You need to consult with your teacher as to when is the best time for your child to sit examinations. Students shouldn’t be pushed into fitting into a timetable of one examination each year.
Always keep in mind that examinations are a test of the level attained, they shouldn’t be the entire focus and teaching of every year. However, staying in line with either of the syllabuses will ensure no key elements of development are being left out.
There are also theory examinations – written examinations covering reading and writing of music notation, the overall patterns of how music works, creative exercises leading to composition, song writing and arranging music.
It is important for students to study theory along with whatever instrument they are learning and to keep the theory grade at the same level as the practical (playing) grade.
To be involved in secondary school music as a subject, it is helpful for students to be competent in both theory and practical.
Piano competitions are regularly held in most areas of New Zealand and are another way of progressing.
What equipment do you need to learn the Piano?
In addition to the actual piano itself, it is important to have a stool or chair which is at the correct height, so that the pupil’s hands and forearms are level with the keys. Your teacher will advise on this or provide the necessary books for your reference.
Many of the new tutoring books come with accompaniment CDs so you may also need a CD player that either has a remote or can be reached easily from the piano.
A pencil, rubber and ruler is also required for theory (written) work.
How much does it cost to learn the Piano?
Second-hand pianos start from around $1000 – $1500, though a good one could be up to $3000. A good second-hand piano sold through a retail store should include a 10-year warranty. New pianos start from $3500.
A word of warning; don’t buy a piano without getting a piano tuner/technician or teacher to check it out first.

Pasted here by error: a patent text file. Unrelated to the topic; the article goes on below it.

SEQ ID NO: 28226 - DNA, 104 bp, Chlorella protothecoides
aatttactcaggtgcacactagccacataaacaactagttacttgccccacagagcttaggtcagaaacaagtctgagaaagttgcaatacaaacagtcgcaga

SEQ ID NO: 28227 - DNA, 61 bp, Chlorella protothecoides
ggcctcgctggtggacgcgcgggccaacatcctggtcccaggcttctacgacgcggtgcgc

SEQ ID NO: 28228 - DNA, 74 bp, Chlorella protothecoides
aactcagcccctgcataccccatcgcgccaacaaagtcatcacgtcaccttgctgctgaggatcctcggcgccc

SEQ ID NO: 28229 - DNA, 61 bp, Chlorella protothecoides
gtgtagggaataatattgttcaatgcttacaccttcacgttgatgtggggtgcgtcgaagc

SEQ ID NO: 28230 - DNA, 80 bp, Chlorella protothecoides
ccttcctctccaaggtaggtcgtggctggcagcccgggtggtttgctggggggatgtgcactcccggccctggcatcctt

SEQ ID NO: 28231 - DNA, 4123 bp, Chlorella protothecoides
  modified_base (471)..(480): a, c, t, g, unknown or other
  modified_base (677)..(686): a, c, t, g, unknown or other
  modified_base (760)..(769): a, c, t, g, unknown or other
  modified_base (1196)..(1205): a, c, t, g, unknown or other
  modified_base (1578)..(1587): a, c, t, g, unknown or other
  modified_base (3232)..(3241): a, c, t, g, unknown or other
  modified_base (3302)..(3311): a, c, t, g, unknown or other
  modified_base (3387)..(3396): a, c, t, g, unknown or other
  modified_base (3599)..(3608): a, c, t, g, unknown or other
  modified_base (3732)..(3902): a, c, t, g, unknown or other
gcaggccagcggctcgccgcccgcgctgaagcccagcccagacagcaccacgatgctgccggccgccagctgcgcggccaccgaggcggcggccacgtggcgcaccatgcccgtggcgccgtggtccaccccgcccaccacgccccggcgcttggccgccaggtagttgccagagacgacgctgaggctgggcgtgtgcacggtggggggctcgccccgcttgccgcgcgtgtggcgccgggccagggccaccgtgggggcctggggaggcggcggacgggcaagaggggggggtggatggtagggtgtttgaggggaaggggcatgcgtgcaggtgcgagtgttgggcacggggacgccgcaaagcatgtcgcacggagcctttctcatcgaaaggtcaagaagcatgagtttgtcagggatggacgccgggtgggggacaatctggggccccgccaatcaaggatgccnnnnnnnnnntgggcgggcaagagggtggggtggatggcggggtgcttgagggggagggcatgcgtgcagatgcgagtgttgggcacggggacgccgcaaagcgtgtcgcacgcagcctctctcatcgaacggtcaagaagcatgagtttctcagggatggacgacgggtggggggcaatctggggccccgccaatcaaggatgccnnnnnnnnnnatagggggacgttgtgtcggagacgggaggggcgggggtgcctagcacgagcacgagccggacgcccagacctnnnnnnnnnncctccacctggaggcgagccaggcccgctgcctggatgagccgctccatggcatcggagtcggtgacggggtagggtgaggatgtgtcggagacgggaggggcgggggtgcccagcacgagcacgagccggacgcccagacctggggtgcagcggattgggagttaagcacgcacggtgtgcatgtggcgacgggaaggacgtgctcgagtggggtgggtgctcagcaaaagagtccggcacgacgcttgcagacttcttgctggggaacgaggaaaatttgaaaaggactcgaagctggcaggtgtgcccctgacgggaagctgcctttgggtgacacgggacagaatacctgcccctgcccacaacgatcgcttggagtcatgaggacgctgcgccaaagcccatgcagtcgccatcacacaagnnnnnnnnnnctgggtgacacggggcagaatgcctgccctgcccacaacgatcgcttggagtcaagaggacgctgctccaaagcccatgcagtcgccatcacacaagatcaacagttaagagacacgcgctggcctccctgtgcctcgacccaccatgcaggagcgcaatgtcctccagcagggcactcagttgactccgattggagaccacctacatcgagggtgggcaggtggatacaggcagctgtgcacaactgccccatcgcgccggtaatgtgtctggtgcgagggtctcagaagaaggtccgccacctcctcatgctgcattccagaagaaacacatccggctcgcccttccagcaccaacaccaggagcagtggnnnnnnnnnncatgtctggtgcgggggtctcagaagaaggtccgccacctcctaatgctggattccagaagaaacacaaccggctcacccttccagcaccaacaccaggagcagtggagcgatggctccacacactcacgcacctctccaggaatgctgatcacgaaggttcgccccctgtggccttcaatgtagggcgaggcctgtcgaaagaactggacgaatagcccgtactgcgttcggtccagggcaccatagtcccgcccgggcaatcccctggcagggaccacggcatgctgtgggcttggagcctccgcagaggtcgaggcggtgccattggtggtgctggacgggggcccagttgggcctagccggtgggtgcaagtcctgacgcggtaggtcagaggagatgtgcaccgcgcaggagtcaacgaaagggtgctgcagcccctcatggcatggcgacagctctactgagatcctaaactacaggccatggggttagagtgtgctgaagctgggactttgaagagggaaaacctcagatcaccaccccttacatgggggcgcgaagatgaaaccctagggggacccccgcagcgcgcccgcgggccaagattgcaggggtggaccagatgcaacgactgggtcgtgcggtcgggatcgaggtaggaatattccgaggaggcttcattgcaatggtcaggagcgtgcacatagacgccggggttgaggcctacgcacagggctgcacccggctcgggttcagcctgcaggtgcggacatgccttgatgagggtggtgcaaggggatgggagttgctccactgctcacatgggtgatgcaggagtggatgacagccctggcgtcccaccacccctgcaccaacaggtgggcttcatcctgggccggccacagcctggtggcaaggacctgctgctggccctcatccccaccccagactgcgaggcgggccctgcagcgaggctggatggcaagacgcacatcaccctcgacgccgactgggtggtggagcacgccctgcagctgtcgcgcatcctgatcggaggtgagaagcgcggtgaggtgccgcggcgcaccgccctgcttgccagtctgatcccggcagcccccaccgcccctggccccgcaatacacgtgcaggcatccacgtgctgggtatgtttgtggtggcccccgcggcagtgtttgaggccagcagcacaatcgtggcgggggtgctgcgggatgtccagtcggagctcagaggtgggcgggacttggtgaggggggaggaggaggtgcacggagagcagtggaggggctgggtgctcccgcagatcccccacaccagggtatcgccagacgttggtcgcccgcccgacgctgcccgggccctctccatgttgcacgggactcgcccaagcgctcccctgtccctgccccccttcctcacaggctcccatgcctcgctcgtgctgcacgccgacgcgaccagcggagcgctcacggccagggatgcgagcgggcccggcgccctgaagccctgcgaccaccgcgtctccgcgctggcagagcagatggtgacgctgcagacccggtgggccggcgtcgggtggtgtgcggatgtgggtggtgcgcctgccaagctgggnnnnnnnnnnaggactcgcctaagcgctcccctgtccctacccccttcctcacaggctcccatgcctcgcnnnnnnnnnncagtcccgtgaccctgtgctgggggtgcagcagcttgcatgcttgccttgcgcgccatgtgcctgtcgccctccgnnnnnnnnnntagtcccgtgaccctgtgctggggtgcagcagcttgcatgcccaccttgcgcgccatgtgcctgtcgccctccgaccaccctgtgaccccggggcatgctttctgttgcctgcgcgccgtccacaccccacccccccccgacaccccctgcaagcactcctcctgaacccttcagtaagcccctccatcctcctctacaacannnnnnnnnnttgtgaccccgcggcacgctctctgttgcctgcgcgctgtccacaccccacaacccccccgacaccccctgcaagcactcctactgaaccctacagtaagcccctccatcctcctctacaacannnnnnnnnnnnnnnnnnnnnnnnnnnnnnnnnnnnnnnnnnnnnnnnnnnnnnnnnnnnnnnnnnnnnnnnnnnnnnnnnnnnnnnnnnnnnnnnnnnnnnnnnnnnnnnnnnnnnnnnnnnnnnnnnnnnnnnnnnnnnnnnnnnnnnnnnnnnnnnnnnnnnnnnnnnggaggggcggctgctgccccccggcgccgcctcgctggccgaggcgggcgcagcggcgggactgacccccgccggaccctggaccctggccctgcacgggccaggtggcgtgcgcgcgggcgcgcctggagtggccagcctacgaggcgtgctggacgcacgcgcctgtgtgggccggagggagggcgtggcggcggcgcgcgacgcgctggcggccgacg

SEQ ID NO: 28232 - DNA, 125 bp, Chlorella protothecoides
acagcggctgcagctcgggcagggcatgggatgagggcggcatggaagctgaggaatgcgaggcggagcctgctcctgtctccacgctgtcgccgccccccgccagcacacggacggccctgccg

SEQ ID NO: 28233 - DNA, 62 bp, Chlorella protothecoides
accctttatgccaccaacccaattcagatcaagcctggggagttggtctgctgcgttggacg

The other consideration is tuition fees. These vary, but an average fee is around $20 for a half-hour individual lesson. However, you really need to contact piano teachers in your area to find out not only their fees, but also when they are able to take your child. Often there is a waiting list.
How much time does it take to learn the Piano?
Lessons are usually once a week and vary in length from 20 minutes to an hour depending on the age and grade of the student.
But don’t forget that students will need to practice daily. Practice should be about the same length of time as the lesson (perhaps a bit less for beginners, and more for advanced students who can work independently and where the teacher has more of a coaching role).
It is really important that parents make sure that there is time in the student’s study and extracurricular schedule for a practice at least five days a week. Think of it as a daily after-school activity.
There is also a time commitment required by parents to attend some of the lessons and to help with the practice at home This will reduce as students get older, but even teenagers need to know that someone is listening every now and again, enjoying what they play, and just keeping a check on progress.
Great Piano Websites
Royal School of Music website
Trinity Guildhall online